Regarding your May 5 editorial, "Duke's moral hazard": That the Duke lacrosse players, who represent less than 1 percent of students, "were responsible for 11 percent of misconduct cases," is interesting. But more interesting would be to see, first, the percentage of the total male student population at Duke that lacrosse players represent, and then to see the percentage of infractions these athletes were responsible for among the male students. (Despite the best efforts of social engineers over recent decades, males still differ from females.)
The larger truth is that colleges' abandonment of their position in loco parentis, "in place of a parent," about four decades ago was craven folly. It was an abject surrender to the excesses of the '60s. College students then and today may be over 18, and they may be legally able to vote (also folly), but their judgment is impaired - as was my own and everyone else's whom I knew at that age.
People that young, whatever their SAT scores, are highly vulnerable to self-destructive impulses - particularly after years upon years of being insulated from reality while sitting in classrooms with same-age peers.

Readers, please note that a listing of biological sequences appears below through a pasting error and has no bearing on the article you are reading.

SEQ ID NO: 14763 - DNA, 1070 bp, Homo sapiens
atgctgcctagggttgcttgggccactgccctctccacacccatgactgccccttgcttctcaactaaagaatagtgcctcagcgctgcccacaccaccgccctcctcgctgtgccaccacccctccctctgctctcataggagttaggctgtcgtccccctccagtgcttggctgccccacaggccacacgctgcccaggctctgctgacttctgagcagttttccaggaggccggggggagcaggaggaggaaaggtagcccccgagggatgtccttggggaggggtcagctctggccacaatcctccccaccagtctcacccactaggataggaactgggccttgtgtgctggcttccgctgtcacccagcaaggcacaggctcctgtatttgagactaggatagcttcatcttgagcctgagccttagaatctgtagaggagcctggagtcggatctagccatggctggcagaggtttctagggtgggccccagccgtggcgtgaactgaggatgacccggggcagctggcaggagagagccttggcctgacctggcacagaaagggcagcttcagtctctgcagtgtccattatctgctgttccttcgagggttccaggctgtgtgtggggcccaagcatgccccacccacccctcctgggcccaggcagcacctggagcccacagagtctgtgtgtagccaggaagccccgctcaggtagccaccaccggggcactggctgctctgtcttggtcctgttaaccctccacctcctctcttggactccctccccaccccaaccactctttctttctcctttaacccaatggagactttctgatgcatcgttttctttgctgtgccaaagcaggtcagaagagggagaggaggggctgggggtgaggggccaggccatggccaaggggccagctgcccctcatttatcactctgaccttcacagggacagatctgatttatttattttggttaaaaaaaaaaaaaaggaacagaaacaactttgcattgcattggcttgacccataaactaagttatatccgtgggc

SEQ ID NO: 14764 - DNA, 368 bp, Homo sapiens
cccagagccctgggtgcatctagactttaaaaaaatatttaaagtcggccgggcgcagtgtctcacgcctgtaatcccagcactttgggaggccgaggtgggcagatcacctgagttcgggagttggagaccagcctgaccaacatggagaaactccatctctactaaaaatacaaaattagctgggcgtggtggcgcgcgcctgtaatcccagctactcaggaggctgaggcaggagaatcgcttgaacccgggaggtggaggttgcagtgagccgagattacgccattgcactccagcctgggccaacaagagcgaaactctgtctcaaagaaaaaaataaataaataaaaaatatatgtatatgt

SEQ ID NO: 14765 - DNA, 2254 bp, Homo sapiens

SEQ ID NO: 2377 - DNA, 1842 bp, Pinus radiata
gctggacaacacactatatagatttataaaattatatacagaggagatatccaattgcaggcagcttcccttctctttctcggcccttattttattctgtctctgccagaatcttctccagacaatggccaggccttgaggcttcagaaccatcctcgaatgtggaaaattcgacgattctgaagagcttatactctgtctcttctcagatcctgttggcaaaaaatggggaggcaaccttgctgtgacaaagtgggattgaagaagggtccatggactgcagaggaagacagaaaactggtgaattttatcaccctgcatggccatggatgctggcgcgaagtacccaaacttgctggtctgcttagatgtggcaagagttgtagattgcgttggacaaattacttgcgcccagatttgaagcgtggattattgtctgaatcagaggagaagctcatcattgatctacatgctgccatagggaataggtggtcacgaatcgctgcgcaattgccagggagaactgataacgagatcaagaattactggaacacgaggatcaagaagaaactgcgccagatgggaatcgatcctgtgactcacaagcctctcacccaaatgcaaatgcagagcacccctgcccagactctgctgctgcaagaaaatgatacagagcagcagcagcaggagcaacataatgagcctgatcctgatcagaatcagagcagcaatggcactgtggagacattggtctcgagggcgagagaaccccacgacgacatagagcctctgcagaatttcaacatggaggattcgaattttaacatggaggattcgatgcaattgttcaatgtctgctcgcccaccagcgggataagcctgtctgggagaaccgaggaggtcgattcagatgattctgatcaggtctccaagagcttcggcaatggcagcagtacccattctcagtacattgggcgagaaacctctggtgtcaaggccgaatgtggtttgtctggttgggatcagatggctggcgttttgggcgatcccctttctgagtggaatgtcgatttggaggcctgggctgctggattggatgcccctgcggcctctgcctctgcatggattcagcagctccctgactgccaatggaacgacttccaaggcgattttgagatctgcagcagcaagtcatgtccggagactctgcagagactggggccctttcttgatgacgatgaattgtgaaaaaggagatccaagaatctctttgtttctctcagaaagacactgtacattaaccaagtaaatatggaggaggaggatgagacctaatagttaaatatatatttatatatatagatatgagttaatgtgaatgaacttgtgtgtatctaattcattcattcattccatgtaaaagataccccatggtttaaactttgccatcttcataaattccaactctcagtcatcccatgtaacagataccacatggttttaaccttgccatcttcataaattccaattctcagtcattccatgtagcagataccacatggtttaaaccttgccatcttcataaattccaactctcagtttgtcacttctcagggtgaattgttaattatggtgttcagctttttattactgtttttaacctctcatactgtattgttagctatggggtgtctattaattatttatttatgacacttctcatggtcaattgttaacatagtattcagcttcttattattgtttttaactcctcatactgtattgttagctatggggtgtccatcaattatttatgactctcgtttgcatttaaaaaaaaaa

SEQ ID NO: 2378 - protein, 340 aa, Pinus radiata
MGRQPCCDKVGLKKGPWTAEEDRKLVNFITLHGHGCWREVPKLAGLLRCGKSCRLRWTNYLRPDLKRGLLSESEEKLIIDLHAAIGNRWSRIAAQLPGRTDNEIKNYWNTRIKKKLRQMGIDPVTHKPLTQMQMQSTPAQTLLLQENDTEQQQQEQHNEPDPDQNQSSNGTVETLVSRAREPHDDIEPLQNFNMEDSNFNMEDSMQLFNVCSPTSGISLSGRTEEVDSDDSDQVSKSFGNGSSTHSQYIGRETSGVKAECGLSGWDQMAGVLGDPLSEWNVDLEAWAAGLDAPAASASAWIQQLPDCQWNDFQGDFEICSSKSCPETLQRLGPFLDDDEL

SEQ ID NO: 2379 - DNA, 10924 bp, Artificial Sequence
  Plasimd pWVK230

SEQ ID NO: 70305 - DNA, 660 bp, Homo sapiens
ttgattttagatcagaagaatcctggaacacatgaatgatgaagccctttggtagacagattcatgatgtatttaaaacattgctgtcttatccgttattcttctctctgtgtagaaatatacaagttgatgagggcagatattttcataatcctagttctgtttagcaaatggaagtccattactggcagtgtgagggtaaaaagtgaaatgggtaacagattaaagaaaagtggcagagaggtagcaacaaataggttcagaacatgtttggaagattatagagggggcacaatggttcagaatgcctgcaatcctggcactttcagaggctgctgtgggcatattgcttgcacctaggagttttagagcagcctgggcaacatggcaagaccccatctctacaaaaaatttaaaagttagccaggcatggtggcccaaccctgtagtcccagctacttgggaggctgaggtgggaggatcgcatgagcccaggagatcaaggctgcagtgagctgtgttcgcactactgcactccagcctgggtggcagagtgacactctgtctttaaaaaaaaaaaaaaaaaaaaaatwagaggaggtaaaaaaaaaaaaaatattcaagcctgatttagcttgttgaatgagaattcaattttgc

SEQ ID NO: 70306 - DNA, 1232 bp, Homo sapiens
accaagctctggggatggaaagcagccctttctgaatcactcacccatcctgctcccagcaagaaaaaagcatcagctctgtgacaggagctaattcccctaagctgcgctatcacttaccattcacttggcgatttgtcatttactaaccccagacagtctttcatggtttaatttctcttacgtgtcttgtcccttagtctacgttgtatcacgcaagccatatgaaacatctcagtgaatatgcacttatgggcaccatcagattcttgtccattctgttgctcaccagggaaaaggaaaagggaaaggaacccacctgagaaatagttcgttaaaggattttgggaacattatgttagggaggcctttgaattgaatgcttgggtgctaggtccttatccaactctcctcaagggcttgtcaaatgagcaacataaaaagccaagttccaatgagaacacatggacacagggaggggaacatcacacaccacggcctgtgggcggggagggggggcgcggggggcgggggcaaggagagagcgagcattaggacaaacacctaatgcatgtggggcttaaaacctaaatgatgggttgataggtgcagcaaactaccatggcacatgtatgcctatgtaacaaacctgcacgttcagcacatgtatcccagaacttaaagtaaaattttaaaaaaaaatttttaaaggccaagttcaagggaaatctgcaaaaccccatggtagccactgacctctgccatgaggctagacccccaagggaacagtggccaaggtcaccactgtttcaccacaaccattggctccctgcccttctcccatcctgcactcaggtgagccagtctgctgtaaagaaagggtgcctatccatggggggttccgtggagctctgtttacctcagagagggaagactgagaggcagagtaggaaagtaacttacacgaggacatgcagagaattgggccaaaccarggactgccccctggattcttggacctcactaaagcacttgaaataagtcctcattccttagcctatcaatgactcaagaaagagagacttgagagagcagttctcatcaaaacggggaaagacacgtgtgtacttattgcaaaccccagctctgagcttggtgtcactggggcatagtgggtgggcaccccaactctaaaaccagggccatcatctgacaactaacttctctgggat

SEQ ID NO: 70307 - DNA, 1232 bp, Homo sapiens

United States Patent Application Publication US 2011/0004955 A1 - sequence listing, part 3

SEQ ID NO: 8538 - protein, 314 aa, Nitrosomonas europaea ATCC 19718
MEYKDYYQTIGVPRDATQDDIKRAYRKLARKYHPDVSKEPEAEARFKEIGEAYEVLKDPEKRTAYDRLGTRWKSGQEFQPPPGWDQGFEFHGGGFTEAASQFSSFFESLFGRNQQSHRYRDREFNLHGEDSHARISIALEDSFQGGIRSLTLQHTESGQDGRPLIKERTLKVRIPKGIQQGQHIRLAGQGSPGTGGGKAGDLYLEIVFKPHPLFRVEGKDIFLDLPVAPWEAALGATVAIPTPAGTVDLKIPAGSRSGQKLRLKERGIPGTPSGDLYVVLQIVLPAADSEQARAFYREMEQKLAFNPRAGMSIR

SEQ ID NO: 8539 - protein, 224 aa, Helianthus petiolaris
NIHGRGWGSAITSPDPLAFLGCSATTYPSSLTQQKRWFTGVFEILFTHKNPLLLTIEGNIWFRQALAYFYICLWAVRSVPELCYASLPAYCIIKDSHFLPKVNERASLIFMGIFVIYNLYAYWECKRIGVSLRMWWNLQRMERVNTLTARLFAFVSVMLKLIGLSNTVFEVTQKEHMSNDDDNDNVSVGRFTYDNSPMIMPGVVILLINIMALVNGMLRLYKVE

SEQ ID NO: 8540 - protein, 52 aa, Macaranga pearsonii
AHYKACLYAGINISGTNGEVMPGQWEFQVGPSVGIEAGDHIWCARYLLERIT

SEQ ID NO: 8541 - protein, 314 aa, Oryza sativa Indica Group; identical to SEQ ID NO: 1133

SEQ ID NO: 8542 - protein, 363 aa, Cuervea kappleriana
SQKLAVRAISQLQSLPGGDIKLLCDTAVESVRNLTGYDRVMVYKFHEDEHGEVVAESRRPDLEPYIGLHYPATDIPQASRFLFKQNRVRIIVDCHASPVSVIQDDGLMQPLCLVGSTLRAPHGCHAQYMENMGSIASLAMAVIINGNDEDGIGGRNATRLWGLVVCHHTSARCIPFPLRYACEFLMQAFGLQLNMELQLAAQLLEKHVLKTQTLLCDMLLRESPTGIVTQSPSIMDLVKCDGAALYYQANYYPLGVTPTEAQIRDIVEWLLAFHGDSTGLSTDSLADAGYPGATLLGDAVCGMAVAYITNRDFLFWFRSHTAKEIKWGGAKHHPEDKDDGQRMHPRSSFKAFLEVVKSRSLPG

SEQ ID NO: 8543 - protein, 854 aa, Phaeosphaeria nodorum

Whatever the individual responsibilities of the accused athletes, blame the abundant opportunity for destructive behavior presented on college campuses around the country on adults who long ago abdicated their responsibility to guide and discipline our young people.
While I think your May 5 editorial got it right regarding the need to educate students beyond "book learning," I am still waiting for someone to examine the issue of racial disparity in the media's reporting of the incident involving Duke lacrosse players - particularly the press about the North Carolina State University student.
It seemed to me that in describing her as an exotic dancer, the press signaled that any harm done to this person should be weighed less seriously. If the accused had been a black male at NC State, I believe he would have been expelled and probably arrested before any DNA test results were reported.